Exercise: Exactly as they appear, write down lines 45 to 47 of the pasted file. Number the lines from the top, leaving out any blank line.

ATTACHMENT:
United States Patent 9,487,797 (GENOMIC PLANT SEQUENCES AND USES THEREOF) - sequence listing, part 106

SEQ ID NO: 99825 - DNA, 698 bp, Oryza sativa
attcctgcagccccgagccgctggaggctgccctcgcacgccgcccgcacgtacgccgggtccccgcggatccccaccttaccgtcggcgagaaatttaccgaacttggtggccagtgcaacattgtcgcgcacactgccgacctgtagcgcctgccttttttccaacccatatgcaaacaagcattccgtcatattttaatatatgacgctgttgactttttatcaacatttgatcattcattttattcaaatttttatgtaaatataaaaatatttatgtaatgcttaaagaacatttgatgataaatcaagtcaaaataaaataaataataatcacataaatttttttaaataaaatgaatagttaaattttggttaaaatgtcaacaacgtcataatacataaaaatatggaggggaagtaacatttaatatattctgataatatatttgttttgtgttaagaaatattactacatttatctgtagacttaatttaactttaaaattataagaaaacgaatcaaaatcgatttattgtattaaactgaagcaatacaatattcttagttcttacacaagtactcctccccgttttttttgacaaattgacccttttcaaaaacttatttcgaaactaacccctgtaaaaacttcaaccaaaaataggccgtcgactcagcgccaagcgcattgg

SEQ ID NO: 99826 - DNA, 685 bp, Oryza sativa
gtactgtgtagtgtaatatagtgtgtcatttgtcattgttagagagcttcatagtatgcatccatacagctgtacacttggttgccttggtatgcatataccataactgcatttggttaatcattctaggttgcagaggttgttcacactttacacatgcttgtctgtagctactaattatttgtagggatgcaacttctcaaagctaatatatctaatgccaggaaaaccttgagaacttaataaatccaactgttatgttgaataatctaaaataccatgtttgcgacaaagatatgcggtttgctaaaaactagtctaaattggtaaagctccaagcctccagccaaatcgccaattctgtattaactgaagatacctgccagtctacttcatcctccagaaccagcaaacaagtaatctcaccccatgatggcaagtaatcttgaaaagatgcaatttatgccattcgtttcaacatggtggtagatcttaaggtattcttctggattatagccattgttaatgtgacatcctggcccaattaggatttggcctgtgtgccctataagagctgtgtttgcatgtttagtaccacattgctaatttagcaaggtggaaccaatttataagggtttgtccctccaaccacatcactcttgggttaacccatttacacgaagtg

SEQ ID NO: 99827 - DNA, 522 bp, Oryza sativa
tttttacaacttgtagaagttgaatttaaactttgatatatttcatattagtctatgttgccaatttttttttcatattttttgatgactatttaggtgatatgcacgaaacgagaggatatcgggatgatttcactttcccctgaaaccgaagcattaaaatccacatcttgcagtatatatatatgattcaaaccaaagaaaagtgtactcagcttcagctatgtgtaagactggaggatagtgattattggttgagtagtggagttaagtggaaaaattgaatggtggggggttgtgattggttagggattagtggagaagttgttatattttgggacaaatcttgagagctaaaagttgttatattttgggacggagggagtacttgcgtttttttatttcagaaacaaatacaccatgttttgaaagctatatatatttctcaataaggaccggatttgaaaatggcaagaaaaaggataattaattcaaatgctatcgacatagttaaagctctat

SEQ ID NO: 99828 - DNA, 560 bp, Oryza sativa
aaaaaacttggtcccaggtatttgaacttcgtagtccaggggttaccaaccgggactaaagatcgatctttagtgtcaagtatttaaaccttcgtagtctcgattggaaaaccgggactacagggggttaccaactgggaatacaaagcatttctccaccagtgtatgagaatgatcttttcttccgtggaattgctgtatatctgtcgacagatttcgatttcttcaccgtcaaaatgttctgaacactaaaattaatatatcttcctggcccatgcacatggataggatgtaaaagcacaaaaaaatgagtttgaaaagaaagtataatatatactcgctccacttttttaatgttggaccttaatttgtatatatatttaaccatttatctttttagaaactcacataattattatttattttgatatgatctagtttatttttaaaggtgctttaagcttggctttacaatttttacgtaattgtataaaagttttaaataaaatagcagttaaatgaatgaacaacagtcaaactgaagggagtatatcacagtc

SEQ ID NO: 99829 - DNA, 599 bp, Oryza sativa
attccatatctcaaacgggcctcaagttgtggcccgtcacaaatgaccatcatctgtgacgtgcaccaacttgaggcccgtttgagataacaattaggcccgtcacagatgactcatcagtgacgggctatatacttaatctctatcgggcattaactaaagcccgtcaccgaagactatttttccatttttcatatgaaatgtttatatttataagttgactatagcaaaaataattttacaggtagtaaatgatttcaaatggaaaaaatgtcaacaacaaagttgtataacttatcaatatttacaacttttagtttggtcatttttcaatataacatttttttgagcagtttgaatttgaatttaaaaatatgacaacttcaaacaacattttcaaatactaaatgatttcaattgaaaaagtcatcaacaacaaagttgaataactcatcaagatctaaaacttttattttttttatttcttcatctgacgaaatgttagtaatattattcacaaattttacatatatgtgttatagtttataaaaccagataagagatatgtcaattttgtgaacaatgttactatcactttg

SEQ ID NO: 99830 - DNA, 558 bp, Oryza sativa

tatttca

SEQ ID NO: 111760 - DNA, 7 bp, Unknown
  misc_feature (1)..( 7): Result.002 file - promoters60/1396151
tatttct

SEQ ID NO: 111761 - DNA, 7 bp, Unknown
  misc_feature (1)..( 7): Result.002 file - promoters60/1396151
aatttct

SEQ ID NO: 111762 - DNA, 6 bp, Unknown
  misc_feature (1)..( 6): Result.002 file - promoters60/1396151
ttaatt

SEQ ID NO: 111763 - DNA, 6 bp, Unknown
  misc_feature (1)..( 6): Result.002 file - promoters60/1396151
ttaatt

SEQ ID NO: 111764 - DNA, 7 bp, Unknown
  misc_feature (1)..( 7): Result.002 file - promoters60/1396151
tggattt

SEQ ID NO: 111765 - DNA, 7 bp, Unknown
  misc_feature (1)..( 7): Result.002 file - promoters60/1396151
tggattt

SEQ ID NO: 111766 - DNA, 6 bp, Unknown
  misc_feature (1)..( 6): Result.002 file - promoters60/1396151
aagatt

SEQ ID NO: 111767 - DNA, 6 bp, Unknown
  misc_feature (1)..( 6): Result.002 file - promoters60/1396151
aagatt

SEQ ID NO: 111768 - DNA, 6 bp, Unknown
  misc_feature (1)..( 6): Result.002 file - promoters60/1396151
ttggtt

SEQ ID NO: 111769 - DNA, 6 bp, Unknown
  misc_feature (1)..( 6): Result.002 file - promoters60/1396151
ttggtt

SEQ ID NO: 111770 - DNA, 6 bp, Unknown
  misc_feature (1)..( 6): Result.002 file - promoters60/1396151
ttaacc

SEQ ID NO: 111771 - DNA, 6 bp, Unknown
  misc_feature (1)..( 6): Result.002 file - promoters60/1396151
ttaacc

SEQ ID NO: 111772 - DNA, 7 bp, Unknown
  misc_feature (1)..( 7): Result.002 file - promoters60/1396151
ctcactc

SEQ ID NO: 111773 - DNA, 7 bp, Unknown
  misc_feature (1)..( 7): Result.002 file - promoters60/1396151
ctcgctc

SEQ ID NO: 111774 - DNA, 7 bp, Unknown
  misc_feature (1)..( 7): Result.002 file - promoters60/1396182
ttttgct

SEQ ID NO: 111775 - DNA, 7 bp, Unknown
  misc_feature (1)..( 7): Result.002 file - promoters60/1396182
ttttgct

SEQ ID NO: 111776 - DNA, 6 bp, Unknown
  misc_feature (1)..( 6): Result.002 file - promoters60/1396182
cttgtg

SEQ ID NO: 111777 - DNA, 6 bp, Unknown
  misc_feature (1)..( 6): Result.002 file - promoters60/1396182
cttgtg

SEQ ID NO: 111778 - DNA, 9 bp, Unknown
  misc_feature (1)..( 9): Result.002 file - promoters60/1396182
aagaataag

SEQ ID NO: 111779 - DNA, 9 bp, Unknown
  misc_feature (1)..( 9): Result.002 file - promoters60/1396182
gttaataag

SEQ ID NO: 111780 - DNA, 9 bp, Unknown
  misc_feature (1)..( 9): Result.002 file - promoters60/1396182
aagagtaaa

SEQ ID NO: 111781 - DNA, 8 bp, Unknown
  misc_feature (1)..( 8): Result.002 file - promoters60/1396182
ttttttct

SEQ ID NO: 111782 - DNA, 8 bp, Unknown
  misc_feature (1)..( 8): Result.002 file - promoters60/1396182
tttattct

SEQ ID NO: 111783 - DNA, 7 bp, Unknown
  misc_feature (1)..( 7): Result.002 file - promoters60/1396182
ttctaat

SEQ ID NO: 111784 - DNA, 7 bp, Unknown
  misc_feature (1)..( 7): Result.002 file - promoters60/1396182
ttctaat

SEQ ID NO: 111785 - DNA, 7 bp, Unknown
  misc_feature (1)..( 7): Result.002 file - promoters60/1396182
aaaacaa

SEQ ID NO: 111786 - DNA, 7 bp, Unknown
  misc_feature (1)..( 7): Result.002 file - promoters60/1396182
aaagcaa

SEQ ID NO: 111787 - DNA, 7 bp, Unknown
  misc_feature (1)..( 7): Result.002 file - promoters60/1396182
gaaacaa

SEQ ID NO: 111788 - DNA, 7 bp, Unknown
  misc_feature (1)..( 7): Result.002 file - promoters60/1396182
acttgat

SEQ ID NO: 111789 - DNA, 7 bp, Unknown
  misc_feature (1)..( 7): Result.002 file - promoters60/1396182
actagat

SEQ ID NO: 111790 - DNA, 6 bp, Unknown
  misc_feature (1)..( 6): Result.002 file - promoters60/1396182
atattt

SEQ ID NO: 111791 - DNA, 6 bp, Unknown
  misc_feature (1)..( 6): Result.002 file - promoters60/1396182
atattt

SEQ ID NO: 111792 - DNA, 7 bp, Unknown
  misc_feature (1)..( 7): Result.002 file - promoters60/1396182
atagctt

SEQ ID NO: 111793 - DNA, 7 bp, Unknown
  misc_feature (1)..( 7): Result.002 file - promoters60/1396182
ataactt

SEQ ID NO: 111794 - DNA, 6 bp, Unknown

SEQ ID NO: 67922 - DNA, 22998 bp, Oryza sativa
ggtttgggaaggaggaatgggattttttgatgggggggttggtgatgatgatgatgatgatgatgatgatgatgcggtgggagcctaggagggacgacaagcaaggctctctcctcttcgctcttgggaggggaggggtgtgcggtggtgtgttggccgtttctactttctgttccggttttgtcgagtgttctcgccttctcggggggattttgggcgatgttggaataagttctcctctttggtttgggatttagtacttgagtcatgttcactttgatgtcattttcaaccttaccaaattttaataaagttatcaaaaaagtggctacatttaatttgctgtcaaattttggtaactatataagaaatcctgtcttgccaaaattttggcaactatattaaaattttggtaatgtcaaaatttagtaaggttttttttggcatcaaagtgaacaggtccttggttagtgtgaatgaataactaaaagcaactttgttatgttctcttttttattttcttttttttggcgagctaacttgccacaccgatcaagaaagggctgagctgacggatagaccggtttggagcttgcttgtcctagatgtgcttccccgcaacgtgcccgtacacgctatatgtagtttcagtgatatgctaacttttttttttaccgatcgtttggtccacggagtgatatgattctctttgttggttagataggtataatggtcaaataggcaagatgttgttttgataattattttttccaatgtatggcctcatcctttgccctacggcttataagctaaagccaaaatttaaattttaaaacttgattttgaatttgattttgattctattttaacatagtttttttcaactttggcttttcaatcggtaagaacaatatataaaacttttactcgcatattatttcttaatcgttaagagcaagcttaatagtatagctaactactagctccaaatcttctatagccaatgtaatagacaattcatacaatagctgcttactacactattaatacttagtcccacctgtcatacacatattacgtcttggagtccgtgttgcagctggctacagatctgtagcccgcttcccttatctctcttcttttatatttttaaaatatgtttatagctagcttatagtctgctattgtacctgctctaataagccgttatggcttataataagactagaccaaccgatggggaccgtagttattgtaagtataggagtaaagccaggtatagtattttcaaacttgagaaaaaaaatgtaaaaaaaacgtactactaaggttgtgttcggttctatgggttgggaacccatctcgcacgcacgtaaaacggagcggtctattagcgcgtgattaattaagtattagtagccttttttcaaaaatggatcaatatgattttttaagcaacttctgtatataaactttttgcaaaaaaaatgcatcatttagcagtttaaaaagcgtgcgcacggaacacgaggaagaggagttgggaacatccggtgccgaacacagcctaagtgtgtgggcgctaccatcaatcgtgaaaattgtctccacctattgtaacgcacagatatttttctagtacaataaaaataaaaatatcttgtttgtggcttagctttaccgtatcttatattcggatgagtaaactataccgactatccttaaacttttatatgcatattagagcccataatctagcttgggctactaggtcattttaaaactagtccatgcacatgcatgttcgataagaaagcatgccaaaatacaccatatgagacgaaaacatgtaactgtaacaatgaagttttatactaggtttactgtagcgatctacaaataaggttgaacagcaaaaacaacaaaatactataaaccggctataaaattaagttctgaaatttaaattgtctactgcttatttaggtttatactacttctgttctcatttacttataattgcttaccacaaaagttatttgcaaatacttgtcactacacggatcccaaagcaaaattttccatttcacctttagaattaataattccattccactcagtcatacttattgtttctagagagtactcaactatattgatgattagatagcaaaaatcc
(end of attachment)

  misc_feature (1)..( 6): Result.002 file - promoters60/1396151
ttaacc

SEQ ID NO: 111771 - DNA, 6 bp, Unknown